was never taken seriously by the same groups that jumped at the
opportunity to support Cussler's claim, e.g., politicians,
government agencies, the academic community, and the news media? My
theory is that although Dr. Spence had "the goods" with respect to
the actual location of the Hunley, his presentation wasn't credible
enough to convince anyone that his discovery was real.
I wish I had had the opportunity to shake Sterling Marlin's hand. I have been a
fan of his for years. The first race car driver I ever heard of as a child in
the 1950s was Sterling Moss. So, when Sterling Marlin came along, I paid
attention to his career right from the start. By chance, about six years ago,
while I was on a business trip to London, I happened to meet Sterling Moss and
wife just as they returned from a race and I was invited into their home.
It was a real pleasure. It would have been an honor and a pleasure to have met
Sterling Martin and to have been able to talk with him and tell him about the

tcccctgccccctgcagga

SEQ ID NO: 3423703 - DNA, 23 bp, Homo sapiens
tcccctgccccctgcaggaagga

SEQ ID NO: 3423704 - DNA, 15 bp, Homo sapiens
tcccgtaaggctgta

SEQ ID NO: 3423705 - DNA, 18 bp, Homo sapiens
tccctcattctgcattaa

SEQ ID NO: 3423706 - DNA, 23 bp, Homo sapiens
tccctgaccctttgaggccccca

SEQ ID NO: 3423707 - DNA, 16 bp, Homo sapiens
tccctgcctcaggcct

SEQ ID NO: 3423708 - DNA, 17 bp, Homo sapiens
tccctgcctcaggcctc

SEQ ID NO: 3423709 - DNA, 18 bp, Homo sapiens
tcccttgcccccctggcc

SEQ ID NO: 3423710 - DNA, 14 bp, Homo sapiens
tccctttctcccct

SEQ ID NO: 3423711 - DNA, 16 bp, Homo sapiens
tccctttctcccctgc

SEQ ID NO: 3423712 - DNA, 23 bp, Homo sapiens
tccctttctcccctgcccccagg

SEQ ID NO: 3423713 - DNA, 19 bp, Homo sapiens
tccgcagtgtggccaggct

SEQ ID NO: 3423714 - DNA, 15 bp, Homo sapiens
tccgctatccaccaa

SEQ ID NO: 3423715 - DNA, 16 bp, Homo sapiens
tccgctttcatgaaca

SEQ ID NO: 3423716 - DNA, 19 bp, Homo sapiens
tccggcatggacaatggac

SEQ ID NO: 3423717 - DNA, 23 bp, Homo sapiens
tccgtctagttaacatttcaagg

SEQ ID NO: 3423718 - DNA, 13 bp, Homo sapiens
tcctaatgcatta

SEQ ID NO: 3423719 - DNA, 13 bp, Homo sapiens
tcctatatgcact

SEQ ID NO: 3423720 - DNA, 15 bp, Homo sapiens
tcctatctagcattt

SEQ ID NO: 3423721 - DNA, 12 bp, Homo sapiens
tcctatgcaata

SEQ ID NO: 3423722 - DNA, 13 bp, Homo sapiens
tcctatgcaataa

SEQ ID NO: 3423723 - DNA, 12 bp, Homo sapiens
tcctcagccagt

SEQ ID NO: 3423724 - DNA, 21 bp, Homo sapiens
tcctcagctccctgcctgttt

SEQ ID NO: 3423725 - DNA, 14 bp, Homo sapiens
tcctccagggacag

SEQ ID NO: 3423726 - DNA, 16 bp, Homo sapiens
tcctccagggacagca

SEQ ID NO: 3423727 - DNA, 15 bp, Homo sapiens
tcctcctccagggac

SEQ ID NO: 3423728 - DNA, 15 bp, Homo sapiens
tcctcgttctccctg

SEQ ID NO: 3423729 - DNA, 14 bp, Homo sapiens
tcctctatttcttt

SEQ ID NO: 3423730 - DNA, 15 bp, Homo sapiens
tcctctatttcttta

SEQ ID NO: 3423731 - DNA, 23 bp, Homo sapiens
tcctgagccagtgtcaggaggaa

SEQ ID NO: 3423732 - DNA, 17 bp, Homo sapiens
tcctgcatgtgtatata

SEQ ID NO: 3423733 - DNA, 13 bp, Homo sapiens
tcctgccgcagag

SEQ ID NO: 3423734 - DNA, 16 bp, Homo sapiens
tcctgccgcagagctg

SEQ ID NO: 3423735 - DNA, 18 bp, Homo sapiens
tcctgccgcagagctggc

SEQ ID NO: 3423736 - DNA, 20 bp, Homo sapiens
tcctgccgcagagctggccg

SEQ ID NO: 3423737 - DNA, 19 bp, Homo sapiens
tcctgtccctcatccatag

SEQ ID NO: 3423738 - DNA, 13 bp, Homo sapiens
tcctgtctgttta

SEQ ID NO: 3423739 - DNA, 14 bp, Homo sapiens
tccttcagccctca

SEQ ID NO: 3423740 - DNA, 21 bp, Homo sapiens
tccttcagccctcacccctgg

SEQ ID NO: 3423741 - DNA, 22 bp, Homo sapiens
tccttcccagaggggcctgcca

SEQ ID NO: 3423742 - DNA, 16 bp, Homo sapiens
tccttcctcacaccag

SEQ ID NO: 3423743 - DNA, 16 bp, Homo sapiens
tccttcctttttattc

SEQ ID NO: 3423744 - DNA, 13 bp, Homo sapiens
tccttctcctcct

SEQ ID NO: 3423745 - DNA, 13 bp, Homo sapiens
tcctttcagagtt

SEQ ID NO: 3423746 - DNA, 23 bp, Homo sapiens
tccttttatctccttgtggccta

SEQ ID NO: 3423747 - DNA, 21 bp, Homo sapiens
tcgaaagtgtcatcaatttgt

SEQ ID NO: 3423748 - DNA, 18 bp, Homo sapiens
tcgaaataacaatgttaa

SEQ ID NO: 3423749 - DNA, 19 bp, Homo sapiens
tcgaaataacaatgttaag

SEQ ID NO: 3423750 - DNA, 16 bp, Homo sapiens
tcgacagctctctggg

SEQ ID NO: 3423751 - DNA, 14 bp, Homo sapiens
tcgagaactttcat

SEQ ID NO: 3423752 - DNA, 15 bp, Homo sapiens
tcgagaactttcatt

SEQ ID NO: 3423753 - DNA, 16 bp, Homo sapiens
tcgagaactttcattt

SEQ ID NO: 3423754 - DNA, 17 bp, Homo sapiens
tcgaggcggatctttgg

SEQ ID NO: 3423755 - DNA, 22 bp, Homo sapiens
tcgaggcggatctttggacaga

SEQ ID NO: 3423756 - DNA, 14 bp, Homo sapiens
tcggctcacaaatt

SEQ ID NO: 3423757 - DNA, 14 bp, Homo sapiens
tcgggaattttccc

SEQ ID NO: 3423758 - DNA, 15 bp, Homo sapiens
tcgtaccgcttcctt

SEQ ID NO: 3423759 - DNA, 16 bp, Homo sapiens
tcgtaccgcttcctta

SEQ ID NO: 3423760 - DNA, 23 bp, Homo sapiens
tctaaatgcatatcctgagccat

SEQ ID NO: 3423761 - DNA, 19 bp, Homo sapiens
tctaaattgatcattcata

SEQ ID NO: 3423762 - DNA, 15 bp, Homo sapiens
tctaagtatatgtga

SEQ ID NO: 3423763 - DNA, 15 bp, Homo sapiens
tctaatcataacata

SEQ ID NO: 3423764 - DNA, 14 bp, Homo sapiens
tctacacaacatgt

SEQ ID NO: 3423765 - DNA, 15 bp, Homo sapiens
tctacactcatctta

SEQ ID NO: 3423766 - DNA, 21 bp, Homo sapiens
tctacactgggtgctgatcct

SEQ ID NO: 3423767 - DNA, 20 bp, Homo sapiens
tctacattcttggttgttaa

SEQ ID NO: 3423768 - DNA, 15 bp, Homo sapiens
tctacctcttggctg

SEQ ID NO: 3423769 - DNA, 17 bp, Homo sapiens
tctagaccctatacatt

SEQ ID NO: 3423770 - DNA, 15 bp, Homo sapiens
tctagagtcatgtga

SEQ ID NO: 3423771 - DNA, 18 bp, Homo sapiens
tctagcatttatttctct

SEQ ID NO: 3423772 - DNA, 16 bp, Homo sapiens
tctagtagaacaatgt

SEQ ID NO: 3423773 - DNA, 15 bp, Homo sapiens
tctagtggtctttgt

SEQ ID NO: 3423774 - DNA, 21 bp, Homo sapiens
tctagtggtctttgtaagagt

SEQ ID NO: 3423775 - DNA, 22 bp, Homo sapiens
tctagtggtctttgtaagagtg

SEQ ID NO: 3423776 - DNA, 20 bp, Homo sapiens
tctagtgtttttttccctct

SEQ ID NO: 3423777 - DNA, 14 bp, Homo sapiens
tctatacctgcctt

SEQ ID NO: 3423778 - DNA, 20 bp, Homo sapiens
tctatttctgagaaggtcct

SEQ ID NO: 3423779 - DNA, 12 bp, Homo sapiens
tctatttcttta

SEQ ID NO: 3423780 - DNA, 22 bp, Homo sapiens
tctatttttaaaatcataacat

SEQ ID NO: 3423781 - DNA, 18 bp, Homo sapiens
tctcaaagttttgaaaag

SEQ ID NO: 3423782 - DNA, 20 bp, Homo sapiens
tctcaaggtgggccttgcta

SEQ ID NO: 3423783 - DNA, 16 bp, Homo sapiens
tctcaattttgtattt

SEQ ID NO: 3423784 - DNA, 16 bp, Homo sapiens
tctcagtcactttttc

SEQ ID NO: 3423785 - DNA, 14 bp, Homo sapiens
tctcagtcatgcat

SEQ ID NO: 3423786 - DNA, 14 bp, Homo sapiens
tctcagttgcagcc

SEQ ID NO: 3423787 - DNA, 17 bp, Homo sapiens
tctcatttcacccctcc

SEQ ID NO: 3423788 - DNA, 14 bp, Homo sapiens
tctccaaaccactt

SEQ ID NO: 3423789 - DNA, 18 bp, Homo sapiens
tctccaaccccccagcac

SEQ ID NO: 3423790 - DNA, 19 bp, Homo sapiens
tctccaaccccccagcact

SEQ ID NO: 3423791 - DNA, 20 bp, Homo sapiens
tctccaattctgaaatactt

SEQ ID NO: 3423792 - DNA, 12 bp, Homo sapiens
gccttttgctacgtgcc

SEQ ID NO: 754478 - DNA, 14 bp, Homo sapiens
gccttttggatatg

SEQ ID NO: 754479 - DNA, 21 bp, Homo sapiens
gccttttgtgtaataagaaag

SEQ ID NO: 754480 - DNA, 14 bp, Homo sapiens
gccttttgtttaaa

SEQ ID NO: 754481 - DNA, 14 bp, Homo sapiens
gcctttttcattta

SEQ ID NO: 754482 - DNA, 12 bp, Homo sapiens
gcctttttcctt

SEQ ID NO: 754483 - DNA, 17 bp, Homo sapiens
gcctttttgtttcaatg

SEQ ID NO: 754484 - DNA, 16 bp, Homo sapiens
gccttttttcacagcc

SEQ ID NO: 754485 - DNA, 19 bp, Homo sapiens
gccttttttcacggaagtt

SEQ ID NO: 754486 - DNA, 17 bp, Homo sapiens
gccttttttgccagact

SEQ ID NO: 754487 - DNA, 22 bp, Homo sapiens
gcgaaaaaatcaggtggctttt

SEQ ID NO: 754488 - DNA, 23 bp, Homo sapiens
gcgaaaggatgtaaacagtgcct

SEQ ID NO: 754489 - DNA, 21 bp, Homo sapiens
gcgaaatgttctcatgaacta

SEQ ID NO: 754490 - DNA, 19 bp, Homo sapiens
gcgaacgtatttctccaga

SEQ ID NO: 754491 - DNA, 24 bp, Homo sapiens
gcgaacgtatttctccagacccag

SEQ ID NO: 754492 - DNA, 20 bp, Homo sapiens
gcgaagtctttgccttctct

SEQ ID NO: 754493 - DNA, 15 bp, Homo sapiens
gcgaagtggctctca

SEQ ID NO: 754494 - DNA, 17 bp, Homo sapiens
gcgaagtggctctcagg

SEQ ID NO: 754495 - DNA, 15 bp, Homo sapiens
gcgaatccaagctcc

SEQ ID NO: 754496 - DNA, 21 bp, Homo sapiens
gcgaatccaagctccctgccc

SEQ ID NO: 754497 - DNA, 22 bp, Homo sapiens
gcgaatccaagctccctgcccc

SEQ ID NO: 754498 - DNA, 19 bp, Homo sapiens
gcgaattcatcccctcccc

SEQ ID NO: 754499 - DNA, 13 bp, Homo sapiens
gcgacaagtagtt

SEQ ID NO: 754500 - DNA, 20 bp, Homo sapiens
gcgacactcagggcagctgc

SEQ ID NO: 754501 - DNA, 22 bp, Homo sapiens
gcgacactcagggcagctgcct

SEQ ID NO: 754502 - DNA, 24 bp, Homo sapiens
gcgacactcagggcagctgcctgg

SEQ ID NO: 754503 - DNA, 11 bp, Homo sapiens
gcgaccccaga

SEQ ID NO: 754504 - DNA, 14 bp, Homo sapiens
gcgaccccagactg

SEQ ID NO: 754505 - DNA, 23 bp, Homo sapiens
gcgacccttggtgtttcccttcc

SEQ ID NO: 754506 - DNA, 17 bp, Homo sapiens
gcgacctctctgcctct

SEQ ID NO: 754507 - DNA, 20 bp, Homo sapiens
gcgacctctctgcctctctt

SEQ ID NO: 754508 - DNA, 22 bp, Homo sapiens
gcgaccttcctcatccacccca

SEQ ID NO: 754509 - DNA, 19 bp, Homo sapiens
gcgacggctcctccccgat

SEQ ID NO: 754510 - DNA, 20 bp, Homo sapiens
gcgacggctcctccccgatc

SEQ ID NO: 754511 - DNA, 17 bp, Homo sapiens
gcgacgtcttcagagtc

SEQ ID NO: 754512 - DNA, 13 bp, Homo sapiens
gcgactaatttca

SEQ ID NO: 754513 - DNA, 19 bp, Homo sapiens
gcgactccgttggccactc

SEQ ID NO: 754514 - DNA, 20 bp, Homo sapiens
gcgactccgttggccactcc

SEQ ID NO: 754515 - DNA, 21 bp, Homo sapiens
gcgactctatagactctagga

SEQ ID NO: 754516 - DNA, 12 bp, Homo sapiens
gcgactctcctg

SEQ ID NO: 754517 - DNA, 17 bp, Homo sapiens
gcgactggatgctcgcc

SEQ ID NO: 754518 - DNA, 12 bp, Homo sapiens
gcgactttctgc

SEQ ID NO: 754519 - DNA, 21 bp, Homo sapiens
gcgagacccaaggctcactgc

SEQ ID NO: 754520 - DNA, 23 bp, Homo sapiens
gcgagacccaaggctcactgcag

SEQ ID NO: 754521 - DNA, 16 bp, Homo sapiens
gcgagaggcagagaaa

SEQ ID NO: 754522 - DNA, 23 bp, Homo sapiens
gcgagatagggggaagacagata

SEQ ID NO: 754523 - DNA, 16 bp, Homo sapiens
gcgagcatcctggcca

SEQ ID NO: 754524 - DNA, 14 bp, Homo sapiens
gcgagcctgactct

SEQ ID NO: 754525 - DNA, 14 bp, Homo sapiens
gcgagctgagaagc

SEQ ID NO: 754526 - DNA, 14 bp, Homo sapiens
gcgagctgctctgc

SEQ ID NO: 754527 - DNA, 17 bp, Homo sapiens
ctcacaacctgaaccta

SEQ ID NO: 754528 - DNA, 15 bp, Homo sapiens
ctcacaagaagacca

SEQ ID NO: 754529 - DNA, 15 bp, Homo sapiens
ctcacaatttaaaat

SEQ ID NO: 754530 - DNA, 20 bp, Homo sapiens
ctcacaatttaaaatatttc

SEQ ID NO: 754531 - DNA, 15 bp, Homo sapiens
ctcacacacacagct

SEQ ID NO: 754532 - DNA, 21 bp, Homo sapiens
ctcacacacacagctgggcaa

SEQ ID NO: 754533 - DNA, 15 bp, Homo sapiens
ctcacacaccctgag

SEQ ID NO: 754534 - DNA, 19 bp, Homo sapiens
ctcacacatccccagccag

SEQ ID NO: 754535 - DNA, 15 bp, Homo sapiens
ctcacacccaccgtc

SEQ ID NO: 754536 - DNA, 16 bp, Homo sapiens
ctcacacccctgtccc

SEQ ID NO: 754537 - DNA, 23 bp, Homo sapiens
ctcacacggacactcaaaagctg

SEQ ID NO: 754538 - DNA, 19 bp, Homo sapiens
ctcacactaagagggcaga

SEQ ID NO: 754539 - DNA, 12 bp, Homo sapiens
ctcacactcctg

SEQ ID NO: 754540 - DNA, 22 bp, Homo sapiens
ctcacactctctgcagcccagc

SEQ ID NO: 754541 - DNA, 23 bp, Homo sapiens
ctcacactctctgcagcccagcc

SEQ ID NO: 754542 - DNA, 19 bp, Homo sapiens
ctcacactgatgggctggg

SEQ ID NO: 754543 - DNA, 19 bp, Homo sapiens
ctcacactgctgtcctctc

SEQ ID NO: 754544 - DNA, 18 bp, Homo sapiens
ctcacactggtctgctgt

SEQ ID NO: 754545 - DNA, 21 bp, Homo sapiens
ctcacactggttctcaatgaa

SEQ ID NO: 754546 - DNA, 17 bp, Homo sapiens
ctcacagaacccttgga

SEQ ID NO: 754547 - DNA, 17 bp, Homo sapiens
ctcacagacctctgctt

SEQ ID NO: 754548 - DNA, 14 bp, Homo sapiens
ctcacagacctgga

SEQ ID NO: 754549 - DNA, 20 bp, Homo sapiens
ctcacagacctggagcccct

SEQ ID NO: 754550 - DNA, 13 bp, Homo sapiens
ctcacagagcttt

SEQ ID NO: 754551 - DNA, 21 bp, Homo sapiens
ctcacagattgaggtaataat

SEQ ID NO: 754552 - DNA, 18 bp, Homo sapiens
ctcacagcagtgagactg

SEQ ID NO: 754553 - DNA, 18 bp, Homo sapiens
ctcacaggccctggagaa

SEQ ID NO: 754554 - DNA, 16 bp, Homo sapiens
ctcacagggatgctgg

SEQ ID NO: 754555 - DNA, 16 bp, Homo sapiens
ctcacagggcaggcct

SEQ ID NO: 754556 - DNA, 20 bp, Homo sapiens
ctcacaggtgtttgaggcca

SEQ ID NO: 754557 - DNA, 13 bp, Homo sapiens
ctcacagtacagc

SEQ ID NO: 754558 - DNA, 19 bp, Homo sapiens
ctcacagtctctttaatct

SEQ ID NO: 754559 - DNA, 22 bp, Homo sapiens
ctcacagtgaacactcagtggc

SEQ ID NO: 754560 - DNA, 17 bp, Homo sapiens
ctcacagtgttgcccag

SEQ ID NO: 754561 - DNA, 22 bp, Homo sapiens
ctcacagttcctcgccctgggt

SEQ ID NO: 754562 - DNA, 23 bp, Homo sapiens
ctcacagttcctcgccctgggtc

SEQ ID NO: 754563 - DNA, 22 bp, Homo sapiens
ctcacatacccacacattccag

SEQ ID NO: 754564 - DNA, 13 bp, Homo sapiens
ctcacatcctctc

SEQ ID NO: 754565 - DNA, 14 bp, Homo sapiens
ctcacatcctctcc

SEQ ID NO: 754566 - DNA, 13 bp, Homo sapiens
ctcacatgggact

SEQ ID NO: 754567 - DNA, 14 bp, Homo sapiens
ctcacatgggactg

Hunley. I think I should have had that opportunity. I did not.
As far as Harry Pecorelli being "the diver, who was the first person to touch
the Hunley," I had published my map showing the Hunley's correct location prior
to Harry's diving on the wreck. And. I think most of the people on this board
are aware of my claim to have first found and touched the Hunley in 1970.
The boat captain the day I found the Hunley was Joe Porcelli who had just gotten
out of the Green Berets. Jim Batey, who then ran a commercial diving business,
and a couple of other people (I believe it was Ron Reneau and Mike Douglas) went
out the next day and/or the day after and dove on it. Joe did likewise. In fact,
I believe Joe actually dove on it twice. Jim and Joe gave signed statements to
that effect years ago. Troy Clanton, III, who was aboard boat the day of find
also gave a signed statement. Unfortunately, Mike and Ron are long deceased. The
next time I went out it was buried. Mike Douglas and David McGeehee helped me
relocated it with a magnetometer, but it was still buried. David signed a
statement about that years ago also. Captain Jack Parker helped me relocate the
Hunley in preparation for my 1980 lawsuit claiming the Hunley. He signed two
statements relative to that. Dr. Mark Newell, who was the official director of